- Plan ahead by laying out your workout clothes the night before. Or stash them in your car so you can workout after work, or wake up a little earlier to squeeze in a home workout.
- Prioritize sleep to help keep cortisol in check.
- Increase resistance training to help bump up testosterone levels, recommends Gottfried.
- Try to workout with weights at least 3-4 times per week
- Follow a split routine, working half your body one day, the other half the next.
- Keep your body nourished with hi protein foods, shakes and supplements.
Resistance training enables you to build more lean tissue and stimulate the natural hormones within your body even when in your 40s, 50s and beyond.
Why You Gain Weight In Your 50s and Beyond
Insulin resistance can go down the drain
“Once you hit 50, low testosterone, plus rising blood sugar and insulin levels cause weight gain,” Gottfried says. If you have insulin resistance, that means your cells can’t absorb the extra blood glucose the body generates from the food you eat. Consequently, the liver converts that glucose into fat, which can lead to weight gain.
Your body may not work like it used to
Physical limitations — from osteoporosis and arthritis to hip, knee, and other joint problems— can limit movement, Roy says. While some age-related conditions won’t make it impossible to get in a good workout, achy joints can make it harder to run, jump, or lift like you used to.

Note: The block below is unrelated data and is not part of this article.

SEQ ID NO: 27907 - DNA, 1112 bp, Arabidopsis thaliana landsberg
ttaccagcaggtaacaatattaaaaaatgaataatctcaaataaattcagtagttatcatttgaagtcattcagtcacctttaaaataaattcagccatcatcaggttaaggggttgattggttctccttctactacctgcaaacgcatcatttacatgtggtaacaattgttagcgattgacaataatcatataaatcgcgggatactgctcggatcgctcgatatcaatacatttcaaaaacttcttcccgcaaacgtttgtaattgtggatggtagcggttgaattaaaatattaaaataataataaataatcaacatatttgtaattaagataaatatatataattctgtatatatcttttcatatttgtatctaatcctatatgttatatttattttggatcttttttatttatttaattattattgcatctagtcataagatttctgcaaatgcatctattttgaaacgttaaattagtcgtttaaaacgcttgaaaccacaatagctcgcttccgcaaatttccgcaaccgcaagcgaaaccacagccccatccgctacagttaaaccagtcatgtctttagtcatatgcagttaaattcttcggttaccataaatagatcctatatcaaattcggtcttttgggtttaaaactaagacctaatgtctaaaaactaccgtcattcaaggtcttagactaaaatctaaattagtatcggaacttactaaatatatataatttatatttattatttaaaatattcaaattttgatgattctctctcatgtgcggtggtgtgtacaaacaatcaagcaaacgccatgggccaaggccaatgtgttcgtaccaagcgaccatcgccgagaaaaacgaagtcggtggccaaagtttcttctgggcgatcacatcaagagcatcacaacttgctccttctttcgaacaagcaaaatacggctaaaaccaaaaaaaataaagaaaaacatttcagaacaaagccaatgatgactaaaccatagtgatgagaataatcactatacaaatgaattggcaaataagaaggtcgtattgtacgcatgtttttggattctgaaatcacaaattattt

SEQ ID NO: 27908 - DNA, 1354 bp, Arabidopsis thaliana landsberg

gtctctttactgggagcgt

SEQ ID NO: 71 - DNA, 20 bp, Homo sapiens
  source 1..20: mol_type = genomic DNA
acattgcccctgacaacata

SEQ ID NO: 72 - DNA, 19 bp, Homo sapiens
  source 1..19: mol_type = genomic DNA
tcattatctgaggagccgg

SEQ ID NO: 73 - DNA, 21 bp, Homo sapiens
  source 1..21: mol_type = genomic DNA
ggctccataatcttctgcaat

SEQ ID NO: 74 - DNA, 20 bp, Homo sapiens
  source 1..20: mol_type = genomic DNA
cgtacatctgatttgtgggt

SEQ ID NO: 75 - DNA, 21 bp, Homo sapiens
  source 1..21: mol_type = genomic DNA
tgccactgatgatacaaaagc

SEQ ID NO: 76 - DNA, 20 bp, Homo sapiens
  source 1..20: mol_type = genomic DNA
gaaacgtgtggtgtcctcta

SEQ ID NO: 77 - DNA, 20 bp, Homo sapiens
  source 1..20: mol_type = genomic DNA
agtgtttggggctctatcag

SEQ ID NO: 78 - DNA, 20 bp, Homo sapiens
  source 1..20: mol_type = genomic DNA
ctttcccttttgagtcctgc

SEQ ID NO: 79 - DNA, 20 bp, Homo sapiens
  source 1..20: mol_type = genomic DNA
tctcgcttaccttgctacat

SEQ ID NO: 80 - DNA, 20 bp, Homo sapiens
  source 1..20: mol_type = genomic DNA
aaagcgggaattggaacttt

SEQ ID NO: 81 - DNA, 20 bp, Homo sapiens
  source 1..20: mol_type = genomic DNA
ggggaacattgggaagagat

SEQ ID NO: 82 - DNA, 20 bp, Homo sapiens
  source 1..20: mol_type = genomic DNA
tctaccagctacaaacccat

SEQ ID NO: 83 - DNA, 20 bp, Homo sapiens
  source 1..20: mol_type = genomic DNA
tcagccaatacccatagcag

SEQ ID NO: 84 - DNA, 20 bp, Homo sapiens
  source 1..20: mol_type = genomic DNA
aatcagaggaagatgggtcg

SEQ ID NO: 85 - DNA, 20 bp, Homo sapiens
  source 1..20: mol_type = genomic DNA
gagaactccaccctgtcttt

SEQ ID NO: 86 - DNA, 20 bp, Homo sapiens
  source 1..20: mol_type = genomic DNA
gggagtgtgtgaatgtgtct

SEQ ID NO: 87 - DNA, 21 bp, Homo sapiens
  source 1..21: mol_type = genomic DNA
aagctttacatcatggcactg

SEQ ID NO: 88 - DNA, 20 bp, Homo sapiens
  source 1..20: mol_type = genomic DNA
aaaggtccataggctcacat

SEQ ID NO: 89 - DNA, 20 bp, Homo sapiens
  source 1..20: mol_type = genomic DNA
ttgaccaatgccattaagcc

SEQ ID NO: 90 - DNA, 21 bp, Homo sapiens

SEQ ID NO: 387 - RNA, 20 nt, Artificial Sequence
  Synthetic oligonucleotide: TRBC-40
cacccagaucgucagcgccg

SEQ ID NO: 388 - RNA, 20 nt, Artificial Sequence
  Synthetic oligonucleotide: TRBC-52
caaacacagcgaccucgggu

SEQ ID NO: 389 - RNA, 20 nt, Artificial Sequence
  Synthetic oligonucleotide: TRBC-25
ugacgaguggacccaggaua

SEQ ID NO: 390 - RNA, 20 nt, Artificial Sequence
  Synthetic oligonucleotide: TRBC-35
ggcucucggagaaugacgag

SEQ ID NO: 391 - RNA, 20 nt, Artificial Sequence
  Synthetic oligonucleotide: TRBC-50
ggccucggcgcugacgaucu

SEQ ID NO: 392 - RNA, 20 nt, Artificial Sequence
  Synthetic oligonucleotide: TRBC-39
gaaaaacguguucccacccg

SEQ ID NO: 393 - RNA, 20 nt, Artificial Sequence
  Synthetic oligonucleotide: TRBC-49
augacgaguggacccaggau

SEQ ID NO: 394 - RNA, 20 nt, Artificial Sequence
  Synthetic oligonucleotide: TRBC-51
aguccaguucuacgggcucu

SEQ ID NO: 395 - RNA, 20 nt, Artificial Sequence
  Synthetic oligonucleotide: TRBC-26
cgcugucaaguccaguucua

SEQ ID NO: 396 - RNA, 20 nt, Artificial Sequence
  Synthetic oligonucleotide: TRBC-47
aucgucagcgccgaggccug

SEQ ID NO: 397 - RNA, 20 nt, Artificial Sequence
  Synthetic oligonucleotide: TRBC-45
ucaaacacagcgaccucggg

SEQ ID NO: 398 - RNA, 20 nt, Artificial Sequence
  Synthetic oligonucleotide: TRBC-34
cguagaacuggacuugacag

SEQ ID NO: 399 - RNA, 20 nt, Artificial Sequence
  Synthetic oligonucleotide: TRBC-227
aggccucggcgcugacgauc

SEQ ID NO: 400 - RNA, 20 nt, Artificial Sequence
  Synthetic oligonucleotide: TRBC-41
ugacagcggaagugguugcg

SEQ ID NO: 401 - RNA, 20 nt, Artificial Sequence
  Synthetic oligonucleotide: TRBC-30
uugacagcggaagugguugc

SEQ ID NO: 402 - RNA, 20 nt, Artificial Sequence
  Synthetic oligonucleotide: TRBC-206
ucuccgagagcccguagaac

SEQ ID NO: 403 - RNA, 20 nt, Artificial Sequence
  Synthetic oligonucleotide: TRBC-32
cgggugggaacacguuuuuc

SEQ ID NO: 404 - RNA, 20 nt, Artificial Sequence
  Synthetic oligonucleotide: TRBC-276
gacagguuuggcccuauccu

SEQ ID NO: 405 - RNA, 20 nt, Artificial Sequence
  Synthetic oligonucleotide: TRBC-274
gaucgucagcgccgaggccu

Weight gain can turn into weight loss
Men often gain weight until they’re around 55 and then start to lose weight as they age further. Women, on the other hand, tend to gain weight until they turn 65. This shift from weight gain to loss usually happens because fat replaces lean muscle tissue, and muscle weighs more than fat by volume.
This being said, don’t just follow your scale. While some men may find their weight normalizing, check the mirror and you may see something else happening. Handlebars on the sides of the waist and around the lower back. Sagging pectorals, flab around the arms and other areas.
Same happens with women.
Tips to maintain your weight in your 50s and beyond:
- If you’re unable to be as active as you were in your 30s and 40s, adjust your meal portions to avoid overeating.
- Continue to do resistance training to help keep your bones strong, and eat plenty of high-quality protein.
- Continue to manage stress — yoga, meditate, practice breathing exercises, take long baths — whatever helps you relax.
- Feeling creaky? Focus on low-impact workouts and other types of exercise that are easier on your joints.
- Great cardio at this point in your life is walking or running on the treadmill, cycling on the lifecyle, using the stairstepper, swimming or even just brisk walking for at least 20 minutes non stop.
- Continue the weight training. Should be lower intensity, higher reps.Work the large body parts especially, legs, hips, chest/bust, stomach as well as the whole body.
- While you can’t spot reduce, specializing on certain trouble areas when combined with dieting, cardio and working the whole body will tone up those problem areas.